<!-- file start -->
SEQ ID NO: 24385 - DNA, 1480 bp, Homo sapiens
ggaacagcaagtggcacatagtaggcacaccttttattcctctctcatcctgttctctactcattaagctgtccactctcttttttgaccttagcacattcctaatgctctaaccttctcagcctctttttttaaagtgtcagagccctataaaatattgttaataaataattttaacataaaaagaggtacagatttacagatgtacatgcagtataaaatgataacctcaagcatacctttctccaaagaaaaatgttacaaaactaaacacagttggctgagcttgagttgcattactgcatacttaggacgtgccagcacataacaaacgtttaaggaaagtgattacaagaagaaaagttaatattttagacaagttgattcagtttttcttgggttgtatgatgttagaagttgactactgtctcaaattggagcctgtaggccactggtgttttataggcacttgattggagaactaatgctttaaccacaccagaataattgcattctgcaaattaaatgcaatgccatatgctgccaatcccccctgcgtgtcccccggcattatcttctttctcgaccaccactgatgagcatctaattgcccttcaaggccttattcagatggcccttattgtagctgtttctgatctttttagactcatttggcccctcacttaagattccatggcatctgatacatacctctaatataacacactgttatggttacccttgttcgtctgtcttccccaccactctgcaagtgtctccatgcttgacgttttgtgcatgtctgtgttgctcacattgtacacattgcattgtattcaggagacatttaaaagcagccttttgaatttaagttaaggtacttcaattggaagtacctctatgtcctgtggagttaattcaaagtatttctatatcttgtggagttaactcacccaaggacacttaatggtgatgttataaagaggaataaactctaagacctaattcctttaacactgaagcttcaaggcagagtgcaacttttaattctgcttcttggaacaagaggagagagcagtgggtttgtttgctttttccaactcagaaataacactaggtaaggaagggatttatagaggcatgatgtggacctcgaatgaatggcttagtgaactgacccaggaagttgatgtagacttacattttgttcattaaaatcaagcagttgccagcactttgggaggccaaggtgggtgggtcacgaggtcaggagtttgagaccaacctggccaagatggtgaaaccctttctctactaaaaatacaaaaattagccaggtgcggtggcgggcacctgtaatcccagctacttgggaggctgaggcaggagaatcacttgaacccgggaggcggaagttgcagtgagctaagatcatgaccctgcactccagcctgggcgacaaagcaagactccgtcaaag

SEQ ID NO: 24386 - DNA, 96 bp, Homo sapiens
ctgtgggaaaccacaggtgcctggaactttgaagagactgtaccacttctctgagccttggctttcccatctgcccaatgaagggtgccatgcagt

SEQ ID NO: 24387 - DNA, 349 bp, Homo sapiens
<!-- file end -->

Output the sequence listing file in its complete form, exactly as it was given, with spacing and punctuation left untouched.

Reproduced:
SEQ ID NO: 24385 - DNA, 1480 bp, Homo sapiens
ggaacagcaagtggcacatagtaggcacaccttttattcctctctcatcctgttctctactcattaagctgtccactctcttttttgaccttagcacattcctaatgctctaaccttctcagcctctttttttaaagtgtcagagccctataaaatattgttaataaataattttaacataaaaagaggtacagatttacagatgtacatgcagtataaaatgataacctcaagcatacctttctccaaagaaaaatgttacaaaactaaacacagttggctgagcttgagttgcattactgcatacttaggacgtgccagcacataacaaacgtttaaggaaagtgattacaagaagaaaagttaatattttagacaagttgattcagtttttcttgggttgtatgatgttagaagttgactactgtctcaaattggagcctgtaggccactggtgttttataggcacttgattggagaactaatgctttaaccacaccagaataattgcattctgcaaattaaatgcaatgccatatgctgccaatcccccctgcgtgtcccccggcattatcttctttctcgaccaccactgatgagcatctaattgcccttcaaggccttattcagatggcccttattgtagctgtttctgatctttttagactcatttggcccctcacttaagattccatggcatctgatacatacctctaatataacacactgttatggttacccttgttcgtctgtcttccccaccactctgcaagtgtctccatgcttgacgttttgtgcatgtctgtgttgctcacattgtacacattgcattgtattcaggagacatttaaaagcagccttttgaatttaagttaaggtacttcaattggaagtacctctatgtcctgtggagttaattcaaagtatttctatatcttgtggagttaactcacccaaggacacttaatggtgatgttataaagaggaataaactctaagacctaattcctttaacactgaagcttcaaggcagagtgcaacttttaattctgcttcttggaacaagaggagagagcagtgggtttgtttgctttttccaactcagaaataacactaggtaaggaagggatttatagaggcatgatgtggacctcgaatgaatggcttagtgaactgacccaggaagttgatgtagacttacattttgttcattaaaatcaagcagttgccagcactttgggaggccaaggtgggtgggtcacgaggtcaggagtttgagaccaacctggccaagatggtgaaaccctttctctactaaaaatacaaaaattagccaggtgcggtggcgggcacctgtaatcccagctacttgggaggctgaggcaggagaatcacttgaacccgggaggcggaagttgcagtgagctaagatcatgaccctgcactccagcctgggcgacaaagcaagactccgtcaaag

SEQ ID NO: 24386 - DNA, 96 bp, Homo sapiens
ctgtgggaaaccacaggtgcctggaactttgaagagactgtaccacttctctgagccttggctttcccatctgcccaatgaagggtgccatgcagt

SEQ ID NO: 24387 - DNA, 349 bp, Homo sapiens